Wednesday, 17 September 2014
Last updated 3 min ago
Apr 2 2013 | 11:49am ET
Hedge funds underperformed the S&P 500 in Q1 2013, with the global diversified hedge fund index gaining 3.26% to the stock index's 10.03%.
For the month of March, according to analyst Stephen Suttmeier in the latest Bank of America Merrill Lynch Hedge Fund Monitor, hedge funds were up 0.64% while the S&P 500 was up 3.24%.
Event-driven and equity long/short were the best-performing strategies last month, adding 1.45% and 1.29%, respectively. The worst performers were market neutral strategies, down 0.13% on the month.
Suttmeier says their models indicate that market neutral funds aggressively sold market exposure to 2% net long from 7% net long over the monitored period while equity long/short funds sold market exposure to 23% from 28% net long, well below the 35-40% benchmark. Macros sold the S&P 500, NASDAQ 100 and 10-year Treasuries; bought commodities; and aggressively bought the U.S. dollar to a slight net long for the first time since January 2013. In addition, they partially covered EM but maintained their shorts in EAFE.
Large equities speculators sold both the S&P 500 and Russell 2000 while remaining flat NASDAQ 100 futures. Agriculture specs bought soybean and corn and partially covered their shorts in wheat.
Metals speculators sold gold and silver, were essentially flat platinum and palladium, and added to their shorts in copper. Gold moved out of a buy zone as silver moved in and palladium stayed in a crowded long. Large energy specs bought crude oil and gasoline, sold heating oil and partially covered natural gas.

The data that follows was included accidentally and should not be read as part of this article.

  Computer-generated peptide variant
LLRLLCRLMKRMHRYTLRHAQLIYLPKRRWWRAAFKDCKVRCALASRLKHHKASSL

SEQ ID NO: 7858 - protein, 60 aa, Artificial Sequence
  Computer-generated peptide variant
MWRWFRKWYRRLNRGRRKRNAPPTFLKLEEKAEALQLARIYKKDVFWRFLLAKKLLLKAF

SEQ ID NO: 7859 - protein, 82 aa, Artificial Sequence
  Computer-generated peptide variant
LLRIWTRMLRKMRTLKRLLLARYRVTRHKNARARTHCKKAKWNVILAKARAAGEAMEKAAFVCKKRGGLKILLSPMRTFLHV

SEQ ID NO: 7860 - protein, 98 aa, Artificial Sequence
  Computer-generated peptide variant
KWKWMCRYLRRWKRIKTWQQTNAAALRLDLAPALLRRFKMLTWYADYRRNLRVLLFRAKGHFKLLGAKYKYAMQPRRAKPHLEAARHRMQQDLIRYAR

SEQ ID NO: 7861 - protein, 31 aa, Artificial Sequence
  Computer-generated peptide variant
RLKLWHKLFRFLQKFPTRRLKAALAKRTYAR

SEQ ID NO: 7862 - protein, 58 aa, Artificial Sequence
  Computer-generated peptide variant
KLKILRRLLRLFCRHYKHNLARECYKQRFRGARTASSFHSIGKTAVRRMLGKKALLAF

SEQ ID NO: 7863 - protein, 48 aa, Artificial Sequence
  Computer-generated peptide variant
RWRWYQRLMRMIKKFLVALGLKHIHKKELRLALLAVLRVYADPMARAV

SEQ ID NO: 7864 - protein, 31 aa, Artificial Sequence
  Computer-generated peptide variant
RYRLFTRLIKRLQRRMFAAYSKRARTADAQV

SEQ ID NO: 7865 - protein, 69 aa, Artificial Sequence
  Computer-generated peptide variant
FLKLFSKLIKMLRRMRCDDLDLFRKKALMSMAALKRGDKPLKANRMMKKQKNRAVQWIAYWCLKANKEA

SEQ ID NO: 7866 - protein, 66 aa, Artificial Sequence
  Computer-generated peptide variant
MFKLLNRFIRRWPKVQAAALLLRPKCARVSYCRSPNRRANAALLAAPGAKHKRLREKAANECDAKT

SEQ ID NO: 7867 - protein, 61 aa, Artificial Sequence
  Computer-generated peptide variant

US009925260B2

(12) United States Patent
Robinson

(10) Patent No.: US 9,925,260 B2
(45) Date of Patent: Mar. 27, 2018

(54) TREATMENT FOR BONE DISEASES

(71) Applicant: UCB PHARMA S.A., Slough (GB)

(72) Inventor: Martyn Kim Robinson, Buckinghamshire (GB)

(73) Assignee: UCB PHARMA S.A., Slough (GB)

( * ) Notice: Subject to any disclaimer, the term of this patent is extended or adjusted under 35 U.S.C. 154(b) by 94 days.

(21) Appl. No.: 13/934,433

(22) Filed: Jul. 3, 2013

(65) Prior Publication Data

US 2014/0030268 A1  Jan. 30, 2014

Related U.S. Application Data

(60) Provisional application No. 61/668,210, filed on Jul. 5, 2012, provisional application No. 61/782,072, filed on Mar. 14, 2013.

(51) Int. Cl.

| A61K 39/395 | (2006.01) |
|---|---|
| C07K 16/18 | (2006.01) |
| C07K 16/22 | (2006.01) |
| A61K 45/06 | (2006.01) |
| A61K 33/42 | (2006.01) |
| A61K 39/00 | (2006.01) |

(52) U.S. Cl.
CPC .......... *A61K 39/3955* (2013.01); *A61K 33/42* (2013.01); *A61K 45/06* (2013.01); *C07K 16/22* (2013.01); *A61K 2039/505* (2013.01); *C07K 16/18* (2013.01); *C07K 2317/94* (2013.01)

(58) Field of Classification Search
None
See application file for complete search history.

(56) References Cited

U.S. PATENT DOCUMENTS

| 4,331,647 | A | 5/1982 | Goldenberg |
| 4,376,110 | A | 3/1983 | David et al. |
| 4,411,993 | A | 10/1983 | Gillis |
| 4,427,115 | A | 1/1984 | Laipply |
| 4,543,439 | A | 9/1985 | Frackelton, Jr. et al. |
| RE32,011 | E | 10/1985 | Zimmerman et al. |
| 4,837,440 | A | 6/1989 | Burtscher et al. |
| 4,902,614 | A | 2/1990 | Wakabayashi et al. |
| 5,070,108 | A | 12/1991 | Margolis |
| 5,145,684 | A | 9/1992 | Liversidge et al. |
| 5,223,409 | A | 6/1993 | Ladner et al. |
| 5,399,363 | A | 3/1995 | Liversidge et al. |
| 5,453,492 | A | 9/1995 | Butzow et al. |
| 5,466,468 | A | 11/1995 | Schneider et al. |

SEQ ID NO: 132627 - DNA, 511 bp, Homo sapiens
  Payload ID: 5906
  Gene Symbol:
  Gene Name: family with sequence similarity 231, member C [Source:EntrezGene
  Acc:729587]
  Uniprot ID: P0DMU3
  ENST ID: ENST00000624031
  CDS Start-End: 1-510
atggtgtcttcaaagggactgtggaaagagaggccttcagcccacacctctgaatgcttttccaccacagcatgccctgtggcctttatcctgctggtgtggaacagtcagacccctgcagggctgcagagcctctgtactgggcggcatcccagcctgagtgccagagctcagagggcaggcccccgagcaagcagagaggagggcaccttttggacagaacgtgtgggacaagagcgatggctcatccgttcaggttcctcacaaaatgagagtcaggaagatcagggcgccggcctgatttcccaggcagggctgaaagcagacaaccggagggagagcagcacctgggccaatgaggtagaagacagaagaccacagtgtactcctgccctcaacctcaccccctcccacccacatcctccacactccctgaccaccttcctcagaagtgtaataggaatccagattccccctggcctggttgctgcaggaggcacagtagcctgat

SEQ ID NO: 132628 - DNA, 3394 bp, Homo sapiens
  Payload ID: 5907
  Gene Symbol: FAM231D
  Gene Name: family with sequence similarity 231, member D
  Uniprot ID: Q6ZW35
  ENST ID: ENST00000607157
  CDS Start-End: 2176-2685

Foreign exchange specs held U.S. dollars steady in a crowded long while adding to their shorts in euros and yen. Interest rates specs covered 30-year Treasuries, and bought 10- and 2-year Treasuries.
Aug 25 2014 | 11:21am ET
As many of you know, FINalternatives was recently acquired by the owners of Futures magazine, a firm called The Alpha Pages LLC. Today marks the soft-launch of a new sister site for both publications. As its name suggests, The Alpha Pages will cover all types of alternative investments, going far beyond the more well-known ones such as hedge funds and private equity. Read more…
The Federal Reserve keeps baby-stepping toward a “normalization” of monetary policy. But just what is normal?